HAI’s approach to MHPSS:

HAI currently has MHPSS programming in Colombia, Dominican Republic, the Democratic Republic of Congo (DRC), Nigeria, Iraq, and Lebanon. Its programs have assisted refugee and displaced populations, stateless individuals, religious and ethnic minorities, survivors of torture and other human rights violations, survivors of gender-based violence, victims of human trafficking, people with HIV/AIDs, and sexual minorities.

What makes HAI unique?

Building upon a rich history in Chicago and significant international expertise, HAI strives to:

  • Prioritize the most vulnerable populations, including those that may be neglected by other actors due to their complex needs and hard to reach status – including survivors of torture, former child combatants, key populations[1], and LGBT individuals.
  • Employ a participatory approach to elicit input from affected communities and staff at all phases of program development, implementation, and evaluation.
  • Empower participants to create sustainable change in their own communities through peer-support interventions and promoting community-led advocacy.
  • Utilize a multidisciplinary and multisectoral approach in which mental health and psychosocial support services are integrated with other sectors – gender, access to justice (legal), HIV/AIDs (medical) – and a trauma-informed approach is incorporated into all sectors of care.
  • Prioritize development and implementation of tailored staff support programming (developed with staff input) to ensure that team members working in challenging contexts are fully supported.

Guided by these principles, HAI affects change through a multi-level approach consisting of the following components:

Direct Service Provision:  HAI’s direct MHPSS services use a human rights framework, characterized by culturally-tailored and holistic services for individuals, families, and communities.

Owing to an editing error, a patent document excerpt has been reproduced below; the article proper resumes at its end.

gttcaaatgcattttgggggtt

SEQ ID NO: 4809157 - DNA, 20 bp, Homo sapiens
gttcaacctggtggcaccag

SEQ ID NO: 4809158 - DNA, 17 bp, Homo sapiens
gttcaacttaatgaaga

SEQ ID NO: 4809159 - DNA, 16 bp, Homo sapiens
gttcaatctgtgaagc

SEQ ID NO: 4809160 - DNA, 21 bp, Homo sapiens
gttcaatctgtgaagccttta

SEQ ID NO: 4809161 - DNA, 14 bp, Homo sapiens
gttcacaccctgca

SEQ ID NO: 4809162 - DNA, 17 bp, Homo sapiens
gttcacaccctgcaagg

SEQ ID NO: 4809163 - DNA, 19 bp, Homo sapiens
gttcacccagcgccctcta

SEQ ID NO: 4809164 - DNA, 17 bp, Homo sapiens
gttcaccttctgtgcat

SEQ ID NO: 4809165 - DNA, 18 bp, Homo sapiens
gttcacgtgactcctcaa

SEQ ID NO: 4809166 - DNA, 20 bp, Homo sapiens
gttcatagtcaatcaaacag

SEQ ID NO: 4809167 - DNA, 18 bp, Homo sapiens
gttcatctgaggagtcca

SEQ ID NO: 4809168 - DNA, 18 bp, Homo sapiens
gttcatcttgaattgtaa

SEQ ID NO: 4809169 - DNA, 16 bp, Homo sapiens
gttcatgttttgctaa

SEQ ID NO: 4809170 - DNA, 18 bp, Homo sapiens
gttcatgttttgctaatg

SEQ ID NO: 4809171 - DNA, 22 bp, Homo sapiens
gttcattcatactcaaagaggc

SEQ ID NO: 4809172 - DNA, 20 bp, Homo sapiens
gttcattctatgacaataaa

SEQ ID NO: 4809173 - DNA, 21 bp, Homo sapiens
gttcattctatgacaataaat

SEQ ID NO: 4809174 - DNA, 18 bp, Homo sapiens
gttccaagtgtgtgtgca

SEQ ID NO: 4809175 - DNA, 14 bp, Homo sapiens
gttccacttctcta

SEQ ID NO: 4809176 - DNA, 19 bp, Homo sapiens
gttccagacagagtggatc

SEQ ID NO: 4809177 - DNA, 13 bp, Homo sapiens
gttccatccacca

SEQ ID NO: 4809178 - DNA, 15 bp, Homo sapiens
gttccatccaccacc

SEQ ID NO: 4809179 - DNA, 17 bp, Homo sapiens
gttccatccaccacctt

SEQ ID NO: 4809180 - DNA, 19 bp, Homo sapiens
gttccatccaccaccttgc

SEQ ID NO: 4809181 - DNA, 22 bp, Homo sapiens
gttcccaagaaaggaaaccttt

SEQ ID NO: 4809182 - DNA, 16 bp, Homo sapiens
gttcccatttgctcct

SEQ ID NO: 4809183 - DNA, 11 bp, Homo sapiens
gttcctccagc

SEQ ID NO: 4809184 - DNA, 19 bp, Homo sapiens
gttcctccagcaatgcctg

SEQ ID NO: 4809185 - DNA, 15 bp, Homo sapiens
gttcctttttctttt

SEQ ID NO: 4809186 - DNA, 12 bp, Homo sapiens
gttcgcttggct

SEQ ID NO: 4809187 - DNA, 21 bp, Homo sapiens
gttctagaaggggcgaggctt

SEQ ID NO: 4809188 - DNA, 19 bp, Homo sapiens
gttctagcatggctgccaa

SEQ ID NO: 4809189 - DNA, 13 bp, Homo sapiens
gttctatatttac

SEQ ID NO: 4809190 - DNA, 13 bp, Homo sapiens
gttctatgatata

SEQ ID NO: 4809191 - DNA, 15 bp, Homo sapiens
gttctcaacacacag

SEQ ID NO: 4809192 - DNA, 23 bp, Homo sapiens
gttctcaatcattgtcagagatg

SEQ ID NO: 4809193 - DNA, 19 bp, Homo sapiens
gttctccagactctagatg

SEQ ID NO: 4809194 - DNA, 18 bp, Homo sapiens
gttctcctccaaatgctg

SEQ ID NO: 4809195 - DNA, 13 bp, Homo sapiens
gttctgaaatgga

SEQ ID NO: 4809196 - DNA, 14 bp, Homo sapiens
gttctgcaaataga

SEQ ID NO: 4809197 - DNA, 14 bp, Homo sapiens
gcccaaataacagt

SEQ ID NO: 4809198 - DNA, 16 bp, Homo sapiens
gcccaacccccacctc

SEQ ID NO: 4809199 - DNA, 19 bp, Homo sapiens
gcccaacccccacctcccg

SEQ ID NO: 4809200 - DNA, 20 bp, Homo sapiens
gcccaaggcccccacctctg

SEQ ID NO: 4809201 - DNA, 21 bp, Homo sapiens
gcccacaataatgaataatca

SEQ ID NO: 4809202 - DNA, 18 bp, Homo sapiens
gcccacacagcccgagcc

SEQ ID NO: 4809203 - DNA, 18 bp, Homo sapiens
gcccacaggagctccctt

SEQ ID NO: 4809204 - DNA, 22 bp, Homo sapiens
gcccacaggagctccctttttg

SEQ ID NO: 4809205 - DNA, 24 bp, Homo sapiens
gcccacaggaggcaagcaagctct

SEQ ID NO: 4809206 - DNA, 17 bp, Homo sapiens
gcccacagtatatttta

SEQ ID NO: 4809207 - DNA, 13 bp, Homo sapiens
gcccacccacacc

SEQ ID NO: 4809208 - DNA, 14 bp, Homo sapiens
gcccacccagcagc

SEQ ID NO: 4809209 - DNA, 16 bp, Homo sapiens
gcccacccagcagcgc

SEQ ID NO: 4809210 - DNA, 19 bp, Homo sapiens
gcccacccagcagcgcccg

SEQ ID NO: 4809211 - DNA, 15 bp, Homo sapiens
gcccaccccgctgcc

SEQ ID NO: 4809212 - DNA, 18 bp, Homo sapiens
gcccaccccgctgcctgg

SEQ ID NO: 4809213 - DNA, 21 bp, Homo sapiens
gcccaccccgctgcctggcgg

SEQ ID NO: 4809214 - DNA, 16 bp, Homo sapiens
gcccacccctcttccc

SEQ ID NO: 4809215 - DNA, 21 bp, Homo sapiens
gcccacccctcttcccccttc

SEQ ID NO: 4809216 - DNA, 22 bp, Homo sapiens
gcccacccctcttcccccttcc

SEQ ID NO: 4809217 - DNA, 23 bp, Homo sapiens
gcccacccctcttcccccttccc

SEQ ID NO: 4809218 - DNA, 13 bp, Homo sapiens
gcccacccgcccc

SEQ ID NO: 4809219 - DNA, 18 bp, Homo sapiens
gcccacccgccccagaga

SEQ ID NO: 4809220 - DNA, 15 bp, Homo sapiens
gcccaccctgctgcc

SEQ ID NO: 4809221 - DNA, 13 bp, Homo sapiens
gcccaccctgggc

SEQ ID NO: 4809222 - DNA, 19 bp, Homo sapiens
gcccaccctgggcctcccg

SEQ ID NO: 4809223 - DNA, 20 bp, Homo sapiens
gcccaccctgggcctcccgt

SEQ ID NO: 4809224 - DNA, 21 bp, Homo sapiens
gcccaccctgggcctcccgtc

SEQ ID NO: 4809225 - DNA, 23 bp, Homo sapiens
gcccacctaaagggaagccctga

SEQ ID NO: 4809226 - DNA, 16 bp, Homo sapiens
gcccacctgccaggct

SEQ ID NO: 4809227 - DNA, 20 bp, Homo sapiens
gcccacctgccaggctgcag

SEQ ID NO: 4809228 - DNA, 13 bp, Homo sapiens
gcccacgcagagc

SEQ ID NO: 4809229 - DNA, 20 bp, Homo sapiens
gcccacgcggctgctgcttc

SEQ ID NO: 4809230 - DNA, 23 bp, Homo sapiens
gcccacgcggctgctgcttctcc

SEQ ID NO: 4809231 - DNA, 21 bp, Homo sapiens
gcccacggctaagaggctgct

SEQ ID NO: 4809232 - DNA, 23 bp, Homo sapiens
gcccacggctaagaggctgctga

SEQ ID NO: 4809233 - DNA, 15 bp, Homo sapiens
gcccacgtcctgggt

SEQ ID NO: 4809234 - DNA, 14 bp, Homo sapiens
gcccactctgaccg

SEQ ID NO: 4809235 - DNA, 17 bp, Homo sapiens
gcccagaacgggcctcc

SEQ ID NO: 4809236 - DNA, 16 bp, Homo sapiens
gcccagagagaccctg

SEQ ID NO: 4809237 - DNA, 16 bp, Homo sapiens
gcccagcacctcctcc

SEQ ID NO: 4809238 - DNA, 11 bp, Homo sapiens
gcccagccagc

Education and Training: HAI aims to create sustainable change across the sector through collaboration with and education and training of partners, including local organizations, government actors, and academic institutions. HAI’s models embed trauma-informed care across all sectors that come into contact with vulnerable populations.

Awareness raising, advocacy, and policy work: HAI supports local communities to raise awareness about mental health needs and inequities. Through advocacy with government actors and other institutions, HAI strives to meet needs of vulnerable populations through services and policies that protect human rights and prioritize dignity of service participants.

Evidence-based practice, monitoring and evaluation, research, and knowledge dissemination: HAI’s MHPSS interventions are informed by review of existing evidence and by ongoing monitoring and evaluation to ensure continuous quality improvement. HAI strives to develop, pilot, and rigorously test interventions that are tailored to contexts and populations, and to disseminate results to strengthen MHPSS services both locally and globally.

HAI MHPSS Programming Across the Globe:

In Democratic Republic of Congo, through its Fikra Timamu project, HAI has contributed to health system strengthening by training healthcare providers within hospital settings in the identification and referral of priority mental health conditions and by engaging in advocacy related to mental health resource allocation with the Ministry of Health. Between January 2012 and June 2017, the program provided more than 9,000 participants with individual and group MHPSS services.